Think back ten years ago. You had a DVR and that’s where the stuff you wanted to watch sat. You had total control — you set up the recordings and you deleted them.
Then, on demand came. In a sense, on-demand is kind of like a cloud DVR. It stores stuff you want to watch plus a whole lot more. Some people jumped on it right away and stopped worrying so much about the DVR.
A few years later, streaming video really hit big. That wasn’t so long ago, right? I mean five years ago a lot of people still had to deal with buffering and low quality when they wanted to stream.
It seems like the best of all words came with DIRECTV NOW’s and Sling TV’s Cloud DVR. Let me explain.
Enter the cloud
When you set up a recording with DIRECTV NOW or Sling TV, you’re doing nothing more than setting a shortcut, like a shortcut to your desktop. A lot of programs on both services is already being recorded somewhere. You’re just telling the service that you want it on your “playlist.” I’m sure there are some programs that don’t record at all unless someone asks for them. If you do ask for one of those then it records and then adds it to your playlist.
This is a change to earlier forms of cloud DVR, which actually did a separate recording for everyone who asked for it. At the time this was sort of a negotiated settlement. Content providers didn’t like cloud-based DVRs at first and actually sued to stop them. Funny thing, those content providers actually won! It took until 2009 for the Supreme Court to say that a cloud-based DVR could even be legal.
Today’s cloud DVR systems are more a result of legal maneuvering than technology. The technology by now is pretty easy, but it took years for the lawyers at DISH and DIRECTV to come up with the contracts.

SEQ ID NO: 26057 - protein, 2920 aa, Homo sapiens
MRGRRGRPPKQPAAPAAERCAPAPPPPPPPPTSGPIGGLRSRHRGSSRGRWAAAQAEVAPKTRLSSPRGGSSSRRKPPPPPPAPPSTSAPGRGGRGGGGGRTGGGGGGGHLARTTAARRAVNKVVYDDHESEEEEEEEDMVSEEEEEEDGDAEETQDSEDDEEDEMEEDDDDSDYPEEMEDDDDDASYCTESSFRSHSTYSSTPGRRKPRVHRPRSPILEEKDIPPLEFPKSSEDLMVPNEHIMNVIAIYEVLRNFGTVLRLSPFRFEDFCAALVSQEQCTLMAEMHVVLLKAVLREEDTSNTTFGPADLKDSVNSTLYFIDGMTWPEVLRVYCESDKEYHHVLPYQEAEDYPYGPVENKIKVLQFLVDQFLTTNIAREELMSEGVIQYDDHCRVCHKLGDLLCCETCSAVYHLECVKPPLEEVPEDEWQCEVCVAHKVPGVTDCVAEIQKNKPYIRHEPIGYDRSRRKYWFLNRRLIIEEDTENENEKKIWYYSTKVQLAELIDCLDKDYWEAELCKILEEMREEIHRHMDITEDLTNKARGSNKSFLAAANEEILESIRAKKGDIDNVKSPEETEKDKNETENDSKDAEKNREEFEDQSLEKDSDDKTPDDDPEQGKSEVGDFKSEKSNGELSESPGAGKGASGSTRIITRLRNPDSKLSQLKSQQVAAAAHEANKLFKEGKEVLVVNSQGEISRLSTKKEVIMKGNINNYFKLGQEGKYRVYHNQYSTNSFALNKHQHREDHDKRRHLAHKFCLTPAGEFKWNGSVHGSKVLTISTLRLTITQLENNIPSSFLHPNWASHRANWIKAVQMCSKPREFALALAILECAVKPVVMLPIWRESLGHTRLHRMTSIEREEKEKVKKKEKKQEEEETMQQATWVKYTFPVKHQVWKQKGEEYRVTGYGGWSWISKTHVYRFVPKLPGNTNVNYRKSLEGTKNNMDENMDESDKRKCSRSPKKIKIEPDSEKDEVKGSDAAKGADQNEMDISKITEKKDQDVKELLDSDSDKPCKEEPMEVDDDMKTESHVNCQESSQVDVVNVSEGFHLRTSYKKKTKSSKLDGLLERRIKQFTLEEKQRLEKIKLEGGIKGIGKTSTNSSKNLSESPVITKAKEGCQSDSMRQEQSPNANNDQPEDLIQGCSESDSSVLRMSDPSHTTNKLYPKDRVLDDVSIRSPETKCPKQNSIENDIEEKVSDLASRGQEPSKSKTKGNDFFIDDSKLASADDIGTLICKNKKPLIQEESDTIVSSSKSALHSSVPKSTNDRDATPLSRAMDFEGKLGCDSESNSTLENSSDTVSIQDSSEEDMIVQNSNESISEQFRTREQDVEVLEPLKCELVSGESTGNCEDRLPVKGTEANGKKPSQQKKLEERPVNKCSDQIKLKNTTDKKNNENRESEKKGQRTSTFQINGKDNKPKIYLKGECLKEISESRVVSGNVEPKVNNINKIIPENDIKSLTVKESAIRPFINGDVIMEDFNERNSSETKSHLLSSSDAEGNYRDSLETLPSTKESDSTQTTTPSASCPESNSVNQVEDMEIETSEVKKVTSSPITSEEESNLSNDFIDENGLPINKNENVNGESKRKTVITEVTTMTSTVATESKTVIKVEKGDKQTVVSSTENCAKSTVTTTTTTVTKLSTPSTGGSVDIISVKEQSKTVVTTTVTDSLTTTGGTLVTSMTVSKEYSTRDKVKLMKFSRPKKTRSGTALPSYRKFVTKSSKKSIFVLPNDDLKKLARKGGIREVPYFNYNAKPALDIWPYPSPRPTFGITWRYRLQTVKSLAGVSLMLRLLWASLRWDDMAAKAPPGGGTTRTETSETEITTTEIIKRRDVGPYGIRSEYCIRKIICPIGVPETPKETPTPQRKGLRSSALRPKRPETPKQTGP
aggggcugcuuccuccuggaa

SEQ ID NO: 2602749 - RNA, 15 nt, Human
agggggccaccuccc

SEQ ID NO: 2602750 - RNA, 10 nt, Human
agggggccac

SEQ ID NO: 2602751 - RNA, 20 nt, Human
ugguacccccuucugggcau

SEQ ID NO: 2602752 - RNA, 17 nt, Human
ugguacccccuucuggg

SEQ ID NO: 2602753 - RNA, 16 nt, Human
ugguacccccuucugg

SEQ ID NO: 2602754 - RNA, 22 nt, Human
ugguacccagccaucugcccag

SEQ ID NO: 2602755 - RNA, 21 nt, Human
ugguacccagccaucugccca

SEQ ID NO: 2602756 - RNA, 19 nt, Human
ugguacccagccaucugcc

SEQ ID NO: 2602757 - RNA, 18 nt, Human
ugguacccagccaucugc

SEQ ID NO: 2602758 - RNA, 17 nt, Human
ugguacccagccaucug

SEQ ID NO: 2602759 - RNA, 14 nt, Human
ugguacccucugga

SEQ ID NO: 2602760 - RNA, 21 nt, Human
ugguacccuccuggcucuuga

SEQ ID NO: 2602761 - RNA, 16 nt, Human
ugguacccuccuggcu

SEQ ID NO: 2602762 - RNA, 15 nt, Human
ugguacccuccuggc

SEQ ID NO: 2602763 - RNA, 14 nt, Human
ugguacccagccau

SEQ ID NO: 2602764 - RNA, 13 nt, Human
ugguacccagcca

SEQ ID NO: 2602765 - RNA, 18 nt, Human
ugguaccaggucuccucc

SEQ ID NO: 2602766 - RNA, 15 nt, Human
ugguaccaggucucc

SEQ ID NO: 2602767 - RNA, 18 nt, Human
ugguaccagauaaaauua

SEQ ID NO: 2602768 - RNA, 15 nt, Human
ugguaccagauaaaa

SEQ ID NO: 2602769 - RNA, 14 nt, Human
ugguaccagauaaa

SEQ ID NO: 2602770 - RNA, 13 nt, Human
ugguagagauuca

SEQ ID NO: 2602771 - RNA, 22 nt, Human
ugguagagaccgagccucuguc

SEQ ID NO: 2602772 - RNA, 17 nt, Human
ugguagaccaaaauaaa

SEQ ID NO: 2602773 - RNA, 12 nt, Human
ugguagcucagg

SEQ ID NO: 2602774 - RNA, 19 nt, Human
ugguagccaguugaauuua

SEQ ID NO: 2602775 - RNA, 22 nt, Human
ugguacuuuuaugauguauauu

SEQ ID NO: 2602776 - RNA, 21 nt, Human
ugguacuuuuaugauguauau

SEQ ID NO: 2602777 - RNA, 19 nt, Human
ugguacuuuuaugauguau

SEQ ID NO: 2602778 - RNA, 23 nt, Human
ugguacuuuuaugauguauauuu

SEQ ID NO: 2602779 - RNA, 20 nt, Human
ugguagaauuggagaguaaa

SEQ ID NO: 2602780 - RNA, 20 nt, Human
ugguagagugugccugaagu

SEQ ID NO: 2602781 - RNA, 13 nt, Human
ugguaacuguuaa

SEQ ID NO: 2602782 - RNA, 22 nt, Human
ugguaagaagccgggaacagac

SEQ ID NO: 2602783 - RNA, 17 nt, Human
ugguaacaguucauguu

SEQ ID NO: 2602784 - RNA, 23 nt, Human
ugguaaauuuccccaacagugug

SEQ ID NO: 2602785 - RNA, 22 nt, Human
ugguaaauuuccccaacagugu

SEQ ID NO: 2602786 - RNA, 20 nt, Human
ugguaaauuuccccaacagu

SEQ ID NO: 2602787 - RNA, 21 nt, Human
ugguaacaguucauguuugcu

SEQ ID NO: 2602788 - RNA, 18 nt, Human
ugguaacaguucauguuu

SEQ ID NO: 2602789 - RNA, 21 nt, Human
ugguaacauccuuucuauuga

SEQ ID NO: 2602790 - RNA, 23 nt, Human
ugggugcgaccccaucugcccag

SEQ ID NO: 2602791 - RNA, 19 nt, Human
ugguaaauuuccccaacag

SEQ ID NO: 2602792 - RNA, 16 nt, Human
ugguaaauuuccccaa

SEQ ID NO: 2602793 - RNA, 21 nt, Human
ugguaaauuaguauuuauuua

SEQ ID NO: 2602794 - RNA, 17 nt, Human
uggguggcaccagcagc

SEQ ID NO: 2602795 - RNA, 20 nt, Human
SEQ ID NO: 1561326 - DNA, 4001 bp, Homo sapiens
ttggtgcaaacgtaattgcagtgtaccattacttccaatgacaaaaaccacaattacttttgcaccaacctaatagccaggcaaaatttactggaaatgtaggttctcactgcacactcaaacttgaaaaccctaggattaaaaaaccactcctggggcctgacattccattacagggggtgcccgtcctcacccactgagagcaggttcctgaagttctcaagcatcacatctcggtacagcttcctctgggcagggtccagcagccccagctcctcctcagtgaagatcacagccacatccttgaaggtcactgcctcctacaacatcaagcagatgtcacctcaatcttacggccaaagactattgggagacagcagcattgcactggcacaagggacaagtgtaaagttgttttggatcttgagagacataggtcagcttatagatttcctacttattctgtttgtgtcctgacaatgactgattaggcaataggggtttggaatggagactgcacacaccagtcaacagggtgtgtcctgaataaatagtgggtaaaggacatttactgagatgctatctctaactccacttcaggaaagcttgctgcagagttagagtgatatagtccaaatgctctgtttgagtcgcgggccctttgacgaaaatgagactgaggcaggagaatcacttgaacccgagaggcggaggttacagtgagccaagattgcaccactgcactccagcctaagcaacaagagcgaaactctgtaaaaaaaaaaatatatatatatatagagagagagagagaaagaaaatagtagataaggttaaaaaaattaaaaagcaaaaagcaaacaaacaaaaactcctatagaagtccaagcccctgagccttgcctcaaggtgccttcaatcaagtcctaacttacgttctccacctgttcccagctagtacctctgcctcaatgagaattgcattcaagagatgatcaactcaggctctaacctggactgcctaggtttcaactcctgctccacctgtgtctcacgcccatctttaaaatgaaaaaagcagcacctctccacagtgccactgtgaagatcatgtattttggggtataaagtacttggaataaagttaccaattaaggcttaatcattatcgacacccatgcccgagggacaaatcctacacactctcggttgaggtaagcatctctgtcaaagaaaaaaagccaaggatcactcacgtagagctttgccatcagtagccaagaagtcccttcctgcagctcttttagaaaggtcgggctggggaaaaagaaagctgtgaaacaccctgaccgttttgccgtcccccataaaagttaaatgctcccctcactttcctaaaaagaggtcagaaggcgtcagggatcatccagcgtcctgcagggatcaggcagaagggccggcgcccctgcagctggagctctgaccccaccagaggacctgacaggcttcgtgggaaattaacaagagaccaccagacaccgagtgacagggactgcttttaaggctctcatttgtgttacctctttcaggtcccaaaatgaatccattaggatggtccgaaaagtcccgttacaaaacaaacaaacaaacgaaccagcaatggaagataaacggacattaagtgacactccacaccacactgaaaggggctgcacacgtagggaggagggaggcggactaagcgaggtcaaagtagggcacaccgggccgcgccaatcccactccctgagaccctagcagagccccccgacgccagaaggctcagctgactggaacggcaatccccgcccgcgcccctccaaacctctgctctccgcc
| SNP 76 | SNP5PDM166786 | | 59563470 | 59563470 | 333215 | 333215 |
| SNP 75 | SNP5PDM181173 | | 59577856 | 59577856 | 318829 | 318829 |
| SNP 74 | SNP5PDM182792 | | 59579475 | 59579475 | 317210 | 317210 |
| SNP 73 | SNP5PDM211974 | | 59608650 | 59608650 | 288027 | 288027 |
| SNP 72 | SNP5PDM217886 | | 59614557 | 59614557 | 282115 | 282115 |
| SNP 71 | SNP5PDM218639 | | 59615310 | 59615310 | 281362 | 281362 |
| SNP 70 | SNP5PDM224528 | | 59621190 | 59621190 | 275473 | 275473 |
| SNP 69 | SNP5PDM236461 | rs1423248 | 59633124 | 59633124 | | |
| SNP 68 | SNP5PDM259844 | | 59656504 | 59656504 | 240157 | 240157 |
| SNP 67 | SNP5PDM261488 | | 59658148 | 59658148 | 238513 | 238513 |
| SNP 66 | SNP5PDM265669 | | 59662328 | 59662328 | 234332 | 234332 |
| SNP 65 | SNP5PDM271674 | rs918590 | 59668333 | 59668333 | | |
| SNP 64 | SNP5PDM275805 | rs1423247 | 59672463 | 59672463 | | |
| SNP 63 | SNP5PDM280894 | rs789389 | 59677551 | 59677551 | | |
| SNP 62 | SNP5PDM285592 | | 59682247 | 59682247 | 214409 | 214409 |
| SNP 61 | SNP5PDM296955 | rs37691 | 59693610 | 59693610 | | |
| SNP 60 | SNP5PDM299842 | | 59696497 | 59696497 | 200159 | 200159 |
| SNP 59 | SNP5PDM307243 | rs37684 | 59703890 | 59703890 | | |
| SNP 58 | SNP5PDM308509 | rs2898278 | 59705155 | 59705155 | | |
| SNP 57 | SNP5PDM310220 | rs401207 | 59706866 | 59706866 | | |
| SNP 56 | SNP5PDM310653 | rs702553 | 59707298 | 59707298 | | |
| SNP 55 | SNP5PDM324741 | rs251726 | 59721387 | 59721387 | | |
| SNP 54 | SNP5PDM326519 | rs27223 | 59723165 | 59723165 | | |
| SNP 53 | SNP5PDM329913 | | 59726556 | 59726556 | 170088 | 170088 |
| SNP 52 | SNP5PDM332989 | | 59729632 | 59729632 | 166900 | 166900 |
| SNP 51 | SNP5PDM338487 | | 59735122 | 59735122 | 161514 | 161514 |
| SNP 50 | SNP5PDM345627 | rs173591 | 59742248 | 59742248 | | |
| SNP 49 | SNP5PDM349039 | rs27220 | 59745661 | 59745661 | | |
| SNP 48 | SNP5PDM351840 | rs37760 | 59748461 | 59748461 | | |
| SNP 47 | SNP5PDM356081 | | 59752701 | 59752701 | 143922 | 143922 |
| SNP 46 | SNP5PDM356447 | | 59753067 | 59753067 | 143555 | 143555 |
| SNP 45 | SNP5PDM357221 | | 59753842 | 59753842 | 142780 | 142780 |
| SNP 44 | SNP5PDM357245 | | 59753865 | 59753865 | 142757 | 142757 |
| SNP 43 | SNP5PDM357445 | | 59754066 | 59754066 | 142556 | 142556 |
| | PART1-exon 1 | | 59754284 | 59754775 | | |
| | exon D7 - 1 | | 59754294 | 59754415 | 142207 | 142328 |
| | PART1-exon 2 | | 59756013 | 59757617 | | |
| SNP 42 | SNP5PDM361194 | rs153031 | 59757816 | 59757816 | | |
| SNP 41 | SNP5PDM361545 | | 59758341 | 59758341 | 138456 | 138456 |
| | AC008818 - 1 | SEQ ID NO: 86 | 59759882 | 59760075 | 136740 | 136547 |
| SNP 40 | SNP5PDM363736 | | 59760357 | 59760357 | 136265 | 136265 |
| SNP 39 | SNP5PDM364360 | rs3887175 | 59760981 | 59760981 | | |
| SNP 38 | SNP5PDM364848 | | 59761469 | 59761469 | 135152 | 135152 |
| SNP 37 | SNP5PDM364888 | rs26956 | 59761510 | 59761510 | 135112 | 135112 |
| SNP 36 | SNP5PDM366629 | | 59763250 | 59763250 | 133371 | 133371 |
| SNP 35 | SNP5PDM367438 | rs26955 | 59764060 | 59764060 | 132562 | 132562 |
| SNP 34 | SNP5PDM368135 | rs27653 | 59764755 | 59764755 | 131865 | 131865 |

DVR is easy, contracts are hard
The Cablevision case, as it was called, established the rules:
- Cloud DVR is a form of broadcasting.
- Broadcasting is ok if the rights holder says it’s ok.
- People who want to broadcast have a right to ask if it’s ok, and the rights holder has a right to set whatever terms they want.
It comes down to those simple principles and so, armed with that, the lawyers went to work. They came up with some rules. You couldn’t keep stuff on your playlist indefinitely. In most cases it’s going to disappear after 30 days. You can’t keep stuff longer than the pay-TV company has the right to keep it anyway. And, the TV company has the right to charge for DVR service if they want. That all makes sense, although it’s frustrating if you thought you’d be able to watch that recording of the evening news forever.
Which is better, cloud or regular?
After all, you’ve read this far based on the title of the article, and you deserve an answer. A cloud DVR lets you watch your content anywhere. Most regular DVRs do too but it’s not always as easy. A regular DVR lets you keep your recorded content as long as you have the DVR. Neither of them lets you offload content.
I think the funny thing is, neither, by itself, is better. The perfect solution is a DVR that gives you some local recording space and then has cloud features. And I have a feeling… that’s not too far off.